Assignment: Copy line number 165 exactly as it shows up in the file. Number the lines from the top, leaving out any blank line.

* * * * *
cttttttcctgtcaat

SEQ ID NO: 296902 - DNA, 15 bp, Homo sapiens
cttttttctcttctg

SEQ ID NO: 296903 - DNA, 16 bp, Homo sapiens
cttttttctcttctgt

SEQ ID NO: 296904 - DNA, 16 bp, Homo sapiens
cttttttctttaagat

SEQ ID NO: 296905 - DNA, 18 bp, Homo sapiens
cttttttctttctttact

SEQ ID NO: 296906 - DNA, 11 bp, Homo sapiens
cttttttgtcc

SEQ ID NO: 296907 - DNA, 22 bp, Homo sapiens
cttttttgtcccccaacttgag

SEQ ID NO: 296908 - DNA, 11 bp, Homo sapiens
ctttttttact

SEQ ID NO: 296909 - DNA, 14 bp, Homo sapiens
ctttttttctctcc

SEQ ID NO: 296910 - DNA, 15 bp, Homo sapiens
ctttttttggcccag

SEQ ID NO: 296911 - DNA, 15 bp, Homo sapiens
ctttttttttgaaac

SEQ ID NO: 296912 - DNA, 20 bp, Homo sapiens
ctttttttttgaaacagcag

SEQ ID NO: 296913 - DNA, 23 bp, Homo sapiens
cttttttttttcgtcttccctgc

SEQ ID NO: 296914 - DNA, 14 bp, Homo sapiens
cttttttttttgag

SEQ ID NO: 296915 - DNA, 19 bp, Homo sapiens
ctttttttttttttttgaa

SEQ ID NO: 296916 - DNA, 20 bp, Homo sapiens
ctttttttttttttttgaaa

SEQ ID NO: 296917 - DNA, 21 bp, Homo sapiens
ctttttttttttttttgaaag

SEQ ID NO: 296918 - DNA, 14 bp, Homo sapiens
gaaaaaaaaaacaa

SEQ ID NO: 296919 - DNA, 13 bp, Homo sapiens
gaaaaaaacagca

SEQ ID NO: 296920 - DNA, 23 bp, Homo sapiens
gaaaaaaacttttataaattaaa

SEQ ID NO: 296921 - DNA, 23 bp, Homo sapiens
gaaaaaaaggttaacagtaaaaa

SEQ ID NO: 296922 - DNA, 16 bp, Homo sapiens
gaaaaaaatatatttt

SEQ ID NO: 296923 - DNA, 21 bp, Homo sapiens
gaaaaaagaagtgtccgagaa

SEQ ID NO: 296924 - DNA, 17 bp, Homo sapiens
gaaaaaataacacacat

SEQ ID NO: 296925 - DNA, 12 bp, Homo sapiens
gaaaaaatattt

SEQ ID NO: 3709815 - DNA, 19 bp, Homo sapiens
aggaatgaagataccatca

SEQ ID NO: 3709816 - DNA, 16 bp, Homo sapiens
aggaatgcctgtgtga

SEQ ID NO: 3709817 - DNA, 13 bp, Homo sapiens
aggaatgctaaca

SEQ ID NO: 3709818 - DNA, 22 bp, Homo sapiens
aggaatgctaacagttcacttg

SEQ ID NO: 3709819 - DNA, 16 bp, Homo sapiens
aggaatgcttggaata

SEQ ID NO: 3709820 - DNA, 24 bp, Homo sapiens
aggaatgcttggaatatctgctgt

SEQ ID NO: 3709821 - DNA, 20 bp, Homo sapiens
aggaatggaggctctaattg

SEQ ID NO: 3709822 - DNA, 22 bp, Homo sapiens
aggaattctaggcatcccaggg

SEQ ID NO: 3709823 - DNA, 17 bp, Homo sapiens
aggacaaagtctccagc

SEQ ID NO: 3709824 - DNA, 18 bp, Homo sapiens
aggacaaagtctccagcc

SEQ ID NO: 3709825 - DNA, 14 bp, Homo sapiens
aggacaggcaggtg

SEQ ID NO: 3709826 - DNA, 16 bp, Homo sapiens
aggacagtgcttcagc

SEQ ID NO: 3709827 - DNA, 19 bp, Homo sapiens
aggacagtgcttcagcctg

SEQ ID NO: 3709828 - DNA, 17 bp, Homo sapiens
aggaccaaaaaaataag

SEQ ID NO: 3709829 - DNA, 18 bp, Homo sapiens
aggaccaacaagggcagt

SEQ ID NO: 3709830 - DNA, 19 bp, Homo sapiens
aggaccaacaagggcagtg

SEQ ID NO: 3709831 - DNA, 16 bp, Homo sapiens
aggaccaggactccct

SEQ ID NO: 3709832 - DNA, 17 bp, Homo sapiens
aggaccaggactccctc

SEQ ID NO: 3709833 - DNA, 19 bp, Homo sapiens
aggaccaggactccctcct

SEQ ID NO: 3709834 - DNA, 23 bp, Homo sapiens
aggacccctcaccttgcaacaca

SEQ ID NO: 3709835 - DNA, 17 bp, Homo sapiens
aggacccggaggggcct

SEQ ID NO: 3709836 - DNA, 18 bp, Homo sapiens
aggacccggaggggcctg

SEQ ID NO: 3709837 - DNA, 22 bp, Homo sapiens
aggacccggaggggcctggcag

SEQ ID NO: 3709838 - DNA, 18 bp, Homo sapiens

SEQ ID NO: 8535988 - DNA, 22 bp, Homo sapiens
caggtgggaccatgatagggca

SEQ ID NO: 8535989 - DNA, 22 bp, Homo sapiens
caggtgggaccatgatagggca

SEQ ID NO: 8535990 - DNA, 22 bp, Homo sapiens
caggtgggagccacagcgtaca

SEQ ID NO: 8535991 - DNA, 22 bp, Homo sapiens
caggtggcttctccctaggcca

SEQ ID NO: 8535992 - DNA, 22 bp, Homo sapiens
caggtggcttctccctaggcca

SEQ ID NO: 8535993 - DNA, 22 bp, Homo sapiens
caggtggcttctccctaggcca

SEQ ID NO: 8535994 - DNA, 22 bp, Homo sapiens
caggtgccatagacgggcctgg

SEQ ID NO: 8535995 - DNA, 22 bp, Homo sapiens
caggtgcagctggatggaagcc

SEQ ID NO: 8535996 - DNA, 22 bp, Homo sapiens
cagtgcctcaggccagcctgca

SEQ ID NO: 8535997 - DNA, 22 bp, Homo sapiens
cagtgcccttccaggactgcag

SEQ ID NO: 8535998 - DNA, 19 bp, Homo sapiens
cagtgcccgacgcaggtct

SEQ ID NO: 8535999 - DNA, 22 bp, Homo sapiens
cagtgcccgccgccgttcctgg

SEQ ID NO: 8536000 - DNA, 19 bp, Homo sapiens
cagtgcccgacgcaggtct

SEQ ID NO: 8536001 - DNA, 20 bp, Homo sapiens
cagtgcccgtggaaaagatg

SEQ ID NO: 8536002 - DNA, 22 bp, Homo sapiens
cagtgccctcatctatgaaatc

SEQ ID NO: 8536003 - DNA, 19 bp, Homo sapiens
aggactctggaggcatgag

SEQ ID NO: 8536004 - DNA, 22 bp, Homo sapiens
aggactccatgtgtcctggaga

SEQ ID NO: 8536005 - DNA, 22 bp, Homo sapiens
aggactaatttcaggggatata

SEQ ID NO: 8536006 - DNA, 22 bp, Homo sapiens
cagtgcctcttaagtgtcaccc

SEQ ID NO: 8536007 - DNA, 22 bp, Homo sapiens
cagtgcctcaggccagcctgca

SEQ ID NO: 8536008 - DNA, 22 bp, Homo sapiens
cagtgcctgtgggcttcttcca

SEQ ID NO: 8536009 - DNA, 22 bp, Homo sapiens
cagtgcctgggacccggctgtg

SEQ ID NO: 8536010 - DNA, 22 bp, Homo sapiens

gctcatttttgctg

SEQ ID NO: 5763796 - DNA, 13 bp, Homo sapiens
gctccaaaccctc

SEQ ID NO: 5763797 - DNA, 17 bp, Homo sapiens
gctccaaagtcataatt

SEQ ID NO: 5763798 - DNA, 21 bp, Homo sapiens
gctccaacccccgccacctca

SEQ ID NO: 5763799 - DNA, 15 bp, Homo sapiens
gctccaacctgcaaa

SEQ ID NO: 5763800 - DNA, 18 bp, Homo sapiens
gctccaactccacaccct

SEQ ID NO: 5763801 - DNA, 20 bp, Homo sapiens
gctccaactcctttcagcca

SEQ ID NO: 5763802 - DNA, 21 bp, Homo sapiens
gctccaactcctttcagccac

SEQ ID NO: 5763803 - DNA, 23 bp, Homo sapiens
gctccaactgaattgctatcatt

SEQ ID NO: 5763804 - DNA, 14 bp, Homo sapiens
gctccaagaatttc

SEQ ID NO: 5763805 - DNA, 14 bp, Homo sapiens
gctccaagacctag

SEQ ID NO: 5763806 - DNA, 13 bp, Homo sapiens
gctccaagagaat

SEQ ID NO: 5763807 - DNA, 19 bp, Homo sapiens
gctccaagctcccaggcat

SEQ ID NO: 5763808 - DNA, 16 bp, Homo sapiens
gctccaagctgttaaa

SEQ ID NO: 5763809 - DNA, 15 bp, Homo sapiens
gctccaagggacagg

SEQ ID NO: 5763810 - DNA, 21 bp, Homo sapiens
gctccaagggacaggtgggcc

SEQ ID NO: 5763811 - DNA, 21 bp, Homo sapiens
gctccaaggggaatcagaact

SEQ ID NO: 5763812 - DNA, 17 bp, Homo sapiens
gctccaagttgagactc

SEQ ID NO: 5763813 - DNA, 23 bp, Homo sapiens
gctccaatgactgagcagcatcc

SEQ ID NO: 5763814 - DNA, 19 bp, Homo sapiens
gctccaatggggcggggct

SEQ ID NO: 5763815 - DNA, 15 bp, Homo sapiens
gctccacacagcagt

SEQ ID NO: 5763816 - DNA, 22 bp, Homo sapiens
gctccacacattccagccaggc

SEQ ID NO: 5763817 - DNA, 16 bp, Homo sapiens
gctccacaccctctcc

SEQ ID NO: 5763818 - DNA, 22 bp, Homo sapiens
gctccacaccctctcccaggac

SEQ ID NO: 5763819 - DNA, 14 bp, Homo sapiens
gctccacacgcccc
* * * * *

SEQ ID NO: 5763807 - DNA, 19 bp, Homo sapiens